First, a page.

Not Quite Ready to Buy? Rent to Own.

A rent to own contract is a contract between a property owner and a renter who plans to buy the property within a specified period of time. In most cases, the renter will pay the owner a deposit which will be used towards a down payment when it is time to purchase the house. In addition to the deposit, the owner will collect rent every month, a portion of which may be applied towards the purchase price.

The owner and potential purchaser negotiate the same contract of sale that is used in a regular house purchase, however instead of executing the contract, it becomes an exhibit to a lease agreement, whereby the buyer and seller become tenant and landlord. The lease agreement provides all the typical terms of a rental, including the monthly rent, security and term, but also provides that the tenant has the option to execute the attached contract at any time prior to a fixed date. The lease may also provide that if the tenant does exercise the option, a portion of the rent paid will be applied to the purchase price.

Benefits to Sellers

If an owner is having trouble selling, a rent-to-own relationship provides an alternative to lowering the purchase price or taking the house off the market. In addition the owner receives a monthly rental payment to offset the cost of owning the property (the mortgage, property taxes, insurance, etc.). Also, unlike a traditional rental agreement, the tenants are more likely to take care of the house because they have the option to purchase it.

Benefits to Buyers

A rent-to-own agreement may appeal to buyers who do not yet have the down payment or the monthly income to qualify for a mortgage. A lease option allows them to start making payments towards ownership right away. In addition, the owner may continue to pay for and complete any maintenance and repairs on the house. Finally, by living in the house before deciding to purchase it, a buyer has the advantage of “test driving” the house before making a major financial commitment.

Potential Pitfalls

As with all contractual relationships, the parties should be aware of the potential issues with a rent-to own contract. Before entering an agreement, the parties need to perform some due diligence.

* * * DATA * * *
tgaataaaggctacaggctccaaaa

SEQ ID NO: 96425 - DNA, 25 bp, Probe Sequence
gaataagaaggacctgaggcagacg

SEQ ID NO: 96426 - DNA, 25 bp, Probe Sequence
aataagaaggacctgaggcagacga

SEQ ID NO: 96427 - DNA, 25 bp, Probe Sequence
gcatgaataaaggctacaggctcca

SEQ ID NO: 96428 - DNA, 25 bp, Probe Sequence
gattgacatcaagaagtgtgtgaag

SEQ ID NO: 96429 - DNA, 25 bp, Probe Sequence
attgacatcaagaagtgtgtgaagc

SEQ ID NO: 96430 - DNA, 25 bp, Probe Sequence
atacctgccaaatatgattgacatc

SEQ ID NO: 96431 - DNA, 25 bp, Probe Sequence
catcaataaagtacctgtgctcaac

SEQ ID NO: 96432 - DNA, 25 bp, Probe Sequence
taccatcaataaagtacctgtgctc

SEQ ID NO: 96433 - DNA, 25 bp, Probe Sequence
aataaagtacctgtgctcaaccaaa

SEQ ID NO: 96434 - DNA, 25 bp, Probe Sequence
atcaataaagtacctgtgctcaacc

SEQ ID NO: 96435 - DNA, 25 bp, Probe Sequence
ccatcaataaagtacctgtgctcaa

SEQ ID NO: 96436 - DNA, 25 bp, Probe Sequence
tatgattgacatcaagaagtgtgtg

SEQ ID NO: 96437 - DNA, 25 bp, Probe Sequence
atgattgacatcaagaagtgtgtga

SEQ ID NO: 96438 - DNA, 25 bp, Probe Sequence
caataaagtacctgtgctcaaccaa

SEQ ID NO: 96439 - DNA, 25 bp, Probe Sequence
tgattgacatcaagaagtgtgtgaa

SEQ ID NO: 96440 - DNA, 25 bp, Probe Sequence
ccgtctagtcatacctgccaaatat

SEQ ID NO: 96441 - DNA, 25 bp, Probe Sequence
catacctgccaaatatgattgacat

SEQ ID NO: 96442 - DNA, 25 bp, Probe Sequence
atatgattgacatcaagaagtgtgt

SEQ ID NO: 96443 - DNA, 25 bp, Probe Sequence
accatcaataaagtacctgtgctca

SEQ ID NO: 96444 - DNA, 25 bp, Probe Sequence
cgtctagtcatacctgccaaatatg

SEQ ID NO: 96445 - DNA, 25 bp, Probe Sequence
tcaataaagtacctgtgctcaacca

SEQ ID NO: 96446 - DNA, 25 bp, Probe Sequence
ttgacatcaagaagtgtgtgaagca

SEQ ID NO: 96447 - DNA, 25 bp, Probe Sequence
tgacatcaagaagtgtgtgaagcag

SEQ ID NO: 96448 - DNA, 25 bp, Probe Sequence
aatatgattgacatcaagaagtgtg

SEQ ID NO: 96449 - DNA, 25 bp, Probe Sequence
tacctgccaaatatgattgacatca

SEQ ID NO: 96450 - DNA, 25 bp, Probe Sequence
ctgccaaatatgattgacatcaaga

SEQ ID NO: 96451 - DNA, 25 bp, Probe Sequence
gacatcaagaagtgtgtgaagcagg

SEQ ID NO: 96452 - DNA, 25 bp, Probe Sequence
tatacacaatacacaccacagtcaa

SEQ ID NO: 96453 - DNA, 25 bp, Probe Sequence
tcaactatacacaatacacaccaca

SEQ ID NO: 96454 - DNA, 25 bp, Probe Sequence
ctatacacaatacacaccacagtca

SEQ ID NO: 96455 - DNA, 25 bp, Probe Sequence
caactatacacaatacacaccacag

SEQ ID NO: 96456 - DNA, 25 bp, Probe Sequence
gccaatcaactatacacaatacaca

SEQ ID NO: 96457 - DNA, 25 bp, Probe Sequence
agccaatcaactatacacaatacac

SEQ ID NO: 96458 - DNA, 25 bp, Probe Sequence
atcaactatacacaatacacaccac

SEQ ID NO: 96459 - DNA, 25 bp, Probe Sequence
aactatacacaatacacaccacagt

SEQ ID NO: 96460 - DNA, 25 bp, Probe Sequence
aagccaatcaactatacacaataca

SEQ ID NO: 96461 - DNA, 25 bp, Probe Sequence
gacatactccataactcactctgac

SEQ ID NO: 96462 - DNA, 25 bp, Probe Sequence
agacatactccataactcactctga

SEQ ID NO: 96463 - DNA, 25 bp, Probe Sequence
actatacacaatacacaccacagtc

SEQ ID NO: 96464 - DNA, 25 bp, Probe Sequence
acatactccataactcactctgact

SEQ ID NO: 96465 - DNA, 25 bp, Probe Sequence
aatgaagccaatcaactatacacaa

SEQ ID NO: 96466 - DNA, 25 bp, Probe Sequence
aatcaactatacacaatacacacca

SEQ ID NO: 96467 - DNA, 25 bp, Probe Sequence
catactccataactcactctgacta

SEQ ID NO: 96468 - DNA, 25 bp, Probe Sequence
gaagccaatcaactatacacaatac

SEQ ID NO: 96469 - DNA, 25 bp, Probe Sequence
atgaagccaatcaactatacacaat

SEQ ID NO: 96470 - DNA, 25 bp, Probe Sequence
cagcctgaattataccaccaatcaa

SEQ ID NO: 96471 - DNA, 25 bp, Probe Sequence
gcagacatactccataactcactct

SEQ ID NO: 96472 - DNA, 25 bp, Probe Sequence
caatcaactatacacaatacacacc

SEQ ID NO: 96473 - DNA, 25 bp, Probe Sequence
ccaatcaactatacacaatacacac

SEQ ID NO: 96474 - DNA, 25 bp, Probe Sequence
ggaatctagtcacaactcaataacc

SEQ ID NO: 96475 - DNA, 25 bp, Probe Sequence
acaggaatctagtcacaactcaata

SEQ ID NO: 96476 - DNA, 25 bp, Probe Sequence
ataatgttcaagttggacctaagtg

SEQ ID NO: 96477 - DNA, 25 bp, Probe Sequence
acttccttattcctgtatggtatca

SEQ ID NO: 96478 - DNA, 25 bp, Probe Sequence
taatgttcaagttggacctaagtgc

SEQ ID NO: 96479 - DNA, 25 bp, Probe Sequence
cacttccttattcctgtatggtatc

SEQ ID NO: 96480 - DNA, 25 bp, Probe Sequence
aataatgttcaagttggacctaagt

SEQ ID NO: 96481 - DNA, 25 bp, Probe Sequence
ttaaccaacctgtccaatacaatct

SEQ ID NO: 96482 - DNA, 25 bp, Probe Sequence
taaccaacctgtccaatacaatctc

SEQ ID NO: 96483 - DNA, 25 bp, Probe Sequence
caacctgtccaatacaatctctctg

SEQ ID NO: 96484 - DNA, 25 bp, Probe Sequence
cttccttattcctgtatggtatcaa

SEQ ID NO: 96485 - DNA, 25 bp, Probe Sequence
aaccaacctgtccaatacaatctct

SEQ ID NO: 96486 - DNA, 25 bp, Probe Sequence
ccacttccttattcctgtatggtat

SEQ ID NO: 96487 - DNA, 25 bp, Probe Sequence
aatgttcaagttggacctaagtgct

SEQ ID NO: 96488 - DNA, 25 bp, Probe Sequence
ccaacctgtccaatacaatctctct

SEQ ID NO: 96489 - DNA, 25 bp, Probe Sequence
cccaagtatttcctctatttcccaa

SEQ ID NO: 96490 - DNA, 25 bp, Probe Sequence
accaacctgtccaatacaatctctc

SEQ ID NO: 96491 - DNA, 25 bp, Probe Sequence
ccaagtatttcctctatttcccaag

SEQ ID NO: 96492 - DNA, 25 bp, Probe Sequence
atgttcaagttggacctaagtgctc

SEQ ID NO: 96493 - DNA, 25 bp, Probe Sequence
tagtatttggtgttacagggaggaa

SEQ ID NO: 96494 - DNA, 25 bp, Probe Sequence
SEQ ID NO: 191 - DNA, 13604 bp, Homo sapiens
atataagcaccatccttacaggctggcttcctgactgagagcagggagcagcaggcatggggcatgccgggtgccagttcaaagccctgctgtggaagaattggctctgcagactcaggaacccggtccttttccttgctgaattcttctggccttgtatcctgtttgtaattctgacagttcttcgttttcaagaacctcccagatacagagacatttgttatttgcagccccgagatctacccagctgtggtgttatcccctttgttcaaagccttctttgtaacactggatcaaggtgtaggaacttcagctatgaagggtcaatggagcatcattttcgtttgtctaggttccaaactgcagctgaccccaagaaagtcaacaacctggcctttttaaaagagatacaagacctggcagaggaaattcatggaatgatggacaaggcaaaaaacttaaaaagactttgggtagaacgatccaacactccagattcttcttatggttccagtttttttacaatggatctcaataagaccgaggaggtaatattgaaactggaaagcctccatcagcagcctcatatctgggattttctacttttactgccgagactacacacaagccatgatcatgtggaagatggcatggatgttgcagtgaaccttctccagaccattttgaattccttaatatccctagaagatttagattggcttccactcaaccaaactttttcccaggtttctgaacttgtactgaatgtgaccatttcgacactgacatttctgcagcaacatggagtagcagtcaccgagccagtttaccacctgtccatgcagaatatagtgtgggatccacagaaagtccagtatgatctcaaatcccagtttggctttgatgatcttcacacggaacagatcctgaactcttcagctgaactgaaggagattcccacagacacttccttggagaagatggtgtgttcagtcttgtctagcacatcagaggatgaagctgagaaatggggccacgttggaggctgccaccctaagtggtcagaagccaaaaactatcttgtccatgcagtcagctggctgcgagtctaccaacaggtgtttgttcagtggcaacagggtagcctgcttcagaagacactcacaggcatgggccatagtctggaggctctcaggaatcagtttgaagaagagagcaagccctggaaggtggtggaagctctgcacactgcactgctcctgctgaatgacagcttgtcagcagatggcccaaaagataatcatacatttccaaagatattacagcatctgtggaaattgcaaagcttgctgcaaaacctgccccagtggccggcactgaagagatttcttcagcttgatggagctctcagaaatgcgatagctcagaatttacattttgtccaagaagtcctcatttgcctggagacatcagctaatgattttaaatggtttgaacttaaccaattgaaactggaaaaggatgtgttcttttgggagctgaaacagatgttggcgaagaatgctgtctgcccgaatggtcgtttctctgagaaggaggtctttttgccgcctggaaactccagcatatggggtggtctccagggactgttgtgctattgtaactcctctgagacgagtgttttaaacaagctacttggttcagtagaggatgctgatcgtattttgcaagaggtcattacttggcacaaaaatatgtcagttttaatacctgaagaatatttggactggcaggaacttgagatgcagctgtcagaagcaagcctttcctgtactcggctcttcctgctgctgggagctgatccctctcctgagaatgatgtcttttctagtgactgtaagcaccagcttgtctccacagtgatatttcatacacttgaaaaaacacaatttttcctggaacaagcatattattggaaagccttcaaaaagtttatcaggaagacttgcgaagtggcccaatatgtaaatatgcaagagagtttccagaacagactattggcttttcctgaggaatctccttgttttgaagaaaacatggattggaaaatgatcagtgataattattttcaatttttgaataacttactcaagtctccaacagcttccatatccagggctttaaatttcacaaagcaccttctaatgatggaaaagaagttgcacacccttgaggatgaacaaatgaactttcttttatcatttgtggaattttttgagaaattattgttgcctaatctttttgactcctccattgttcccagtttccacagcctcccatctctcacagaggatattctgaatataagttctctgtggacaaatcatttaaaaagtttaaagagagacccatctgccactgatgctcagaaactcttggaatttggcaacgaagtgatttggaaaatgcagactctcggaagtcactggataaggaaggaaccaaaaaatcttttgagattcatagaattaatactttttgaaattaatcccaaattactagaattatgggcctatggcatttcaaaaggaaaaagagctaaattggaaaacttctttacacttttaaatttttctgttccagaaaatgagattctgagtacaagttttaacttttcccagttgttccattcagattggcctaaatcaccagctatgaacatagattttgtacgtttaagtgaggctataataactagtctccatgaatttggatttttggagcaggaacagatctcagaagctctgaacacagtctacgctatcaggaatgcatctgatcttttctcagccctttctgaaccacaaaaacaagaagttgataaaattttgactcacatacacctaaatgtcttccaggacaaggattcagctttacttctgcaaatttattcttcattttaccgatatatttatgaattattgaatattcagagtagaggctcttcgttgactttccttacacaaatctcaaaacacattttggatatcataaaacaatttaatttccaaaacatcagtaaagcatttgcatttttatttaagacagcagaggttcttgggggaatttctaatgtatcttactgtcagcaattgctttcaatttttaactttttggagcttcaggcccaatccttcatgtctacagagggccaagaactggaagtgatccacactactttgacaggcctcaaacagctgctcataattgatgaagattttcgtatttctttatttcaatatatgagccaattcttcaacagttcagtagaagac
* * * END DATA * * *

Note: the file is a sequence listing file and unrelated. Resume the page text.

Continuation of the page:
• Get comfortable with the other party’s financials. As a landlord, getting a non-paying tenant removed from your home can be aggravating and expensive. As a potential buyer, you should be cognizant that, for a variety of financial reasons, a seller could lose the property during the rental period. If the seller loses the property, the potential buyer may lose the right to buy the property, forfeit the rent paid toward the purchase price and will have to find a new place to live.
  • Parties may want to work with an experienced real estate broker to ensure that both the rental payments and the purchase price are fair.
  • Both owner and potential purchaser may want to consult with a mortgage broker up front to ensure that the purchaser will have the ability to obtain a mortgage down the road.
  • Property owners should confirm that renting the property does not violate the owner’s mortgage and that property insurance premiums will not increase.
  • Potential purchasers should obtain a home inspection and a title report. An inspection can uncover potential structural issues with the property; a title report can provide information about taxes, liens and other encumbrances on the property.

It should be noted that an option to purchase real property combined with the right to use or occupy property has tax ramifications for both owner and renter. Parties should consult with their accountant regarding the potential tax consequences of a rent to own contract.